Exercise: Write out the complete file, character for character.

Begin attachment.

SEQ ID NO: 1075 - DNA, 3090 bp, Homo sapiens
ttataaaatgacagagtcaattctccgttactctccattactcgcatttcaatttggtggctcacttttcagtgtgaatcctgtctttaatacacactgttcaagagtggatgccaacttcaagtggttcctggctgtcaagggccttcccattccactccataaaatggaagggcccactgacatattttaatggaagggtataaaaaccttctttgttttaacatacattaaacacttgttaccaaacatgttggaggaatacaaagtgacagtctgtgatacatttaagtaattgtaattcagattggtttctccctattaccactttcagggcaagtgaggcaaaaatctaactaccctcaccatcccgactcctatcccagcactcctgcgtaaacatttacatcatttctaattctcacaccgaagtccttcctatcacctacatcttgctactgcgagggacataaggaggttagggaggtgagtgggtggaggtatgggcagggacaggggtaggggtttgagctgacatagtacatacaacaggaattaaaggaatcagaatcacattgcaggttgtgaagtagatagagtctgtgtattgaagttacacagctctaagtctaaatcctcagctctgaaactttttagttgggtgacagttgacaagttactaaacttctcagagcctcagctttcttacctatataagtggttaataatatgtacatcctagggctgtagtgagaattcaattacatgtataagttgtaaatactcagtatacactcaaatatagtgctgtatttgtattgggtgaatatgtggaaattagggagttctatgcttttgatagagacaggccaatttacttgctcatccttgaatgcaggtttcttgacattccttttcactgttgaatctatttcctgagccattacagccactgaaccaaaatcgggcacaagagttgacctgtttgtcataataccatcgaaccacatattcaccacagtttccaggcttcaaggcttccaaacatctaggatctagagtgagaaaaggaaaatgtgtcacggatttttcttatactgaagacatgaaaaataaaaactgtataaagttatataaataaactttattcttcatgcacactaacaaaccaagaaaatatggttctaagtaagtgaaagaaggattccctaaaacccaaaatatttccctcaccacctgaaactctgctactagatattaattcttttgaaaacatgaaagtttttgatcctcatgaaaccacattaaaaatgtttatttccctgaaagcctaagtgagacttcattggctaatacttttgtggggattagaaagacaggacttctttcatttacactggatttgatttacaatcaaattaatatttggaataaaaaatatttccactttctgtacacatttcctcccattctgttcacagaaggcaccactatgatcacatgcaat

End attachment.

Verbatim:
SEQ ID NO: 1075 - DNA, 3090 bp, Homo sapiens
ttataaaatgacagagtcaattctccgttactctccattactcgcatttcaatttggtggctcacttttcagtgtgaatcctgtctttaatacacactgttcaagagtggatgccaacttcaagtggttcctggctgtcaagggccttcccattccactccataaaatggaagggcccactgacatattttaatggaagggtataaaaaccttctttgttttaacatacattaaacacttgttaccaaacatgttggaggaatacaaagtgacagtctgtgatacatttaagtaattgtaattcagattggtttctccctattaccactttcagggcaagtgaggcaaaaatctaactaccctcaccatcccgactcctatcccagcactcctgcgtaaacatttacatcatttctaattctcacaccgaagtccttcctatcacctacatcttgctactgcgagggacataaggaggttagggaggtgagtgggtggaggtatgggcagggacaggggtaggggtttgagctgacatagtacatacaacaggaattaaaggaatcagaatcacattgcaggttgtgaagtagatagagtctgtgtattgaagttacacagctctaagtctaaatcctcagctctgaaactttttagttgggtgacagttgacaagttactaaacttctcagagcctcagctttcttacctatataagtggttaataatatgtacatcctagggctgtagtgagaattcaattacatgtataagttgtaaatactcagtatacactcaaatatagtgctgtatttgtattgggtgaatatgtggaaattagggagttctatgcttttgatagagacaggccaatttacttgctcatccttgaatgcaggtttcttgacattccttttcactgttgaatctatttcctgagccattacagccactgaaccaaaatcgggcacaagagttgacctgtttgtcataataccatcgaaccacatattcaccacagtttccaggcttcaaggcttccaaacatctaggatctagagtgagaaaaggaaaatgtgtcacggatttttcttatactgaagacatgaaaaataaaaactgtataaagttatataaataaactttattcttcatgcacactaacaaaccaagaaaatatggttctaagtaagtgaaagaaggattccctaaaacccaaaatatttccctcaccacctgaaactctgctactagatattaattcttttgaaaacatgaaagtttttgatcctcatgaaaccacattaaaaatgtttatttccctgaaagcctaagtgagacttcattggctaatacttttgtggggattagaaagacaggacttctttcatttacactggatttgatttacaatcaaattaatatttggaataaaaaatatttccactttctgtacacatttcctcccattctgttcacagaaggcaccactatgatcacatgcaat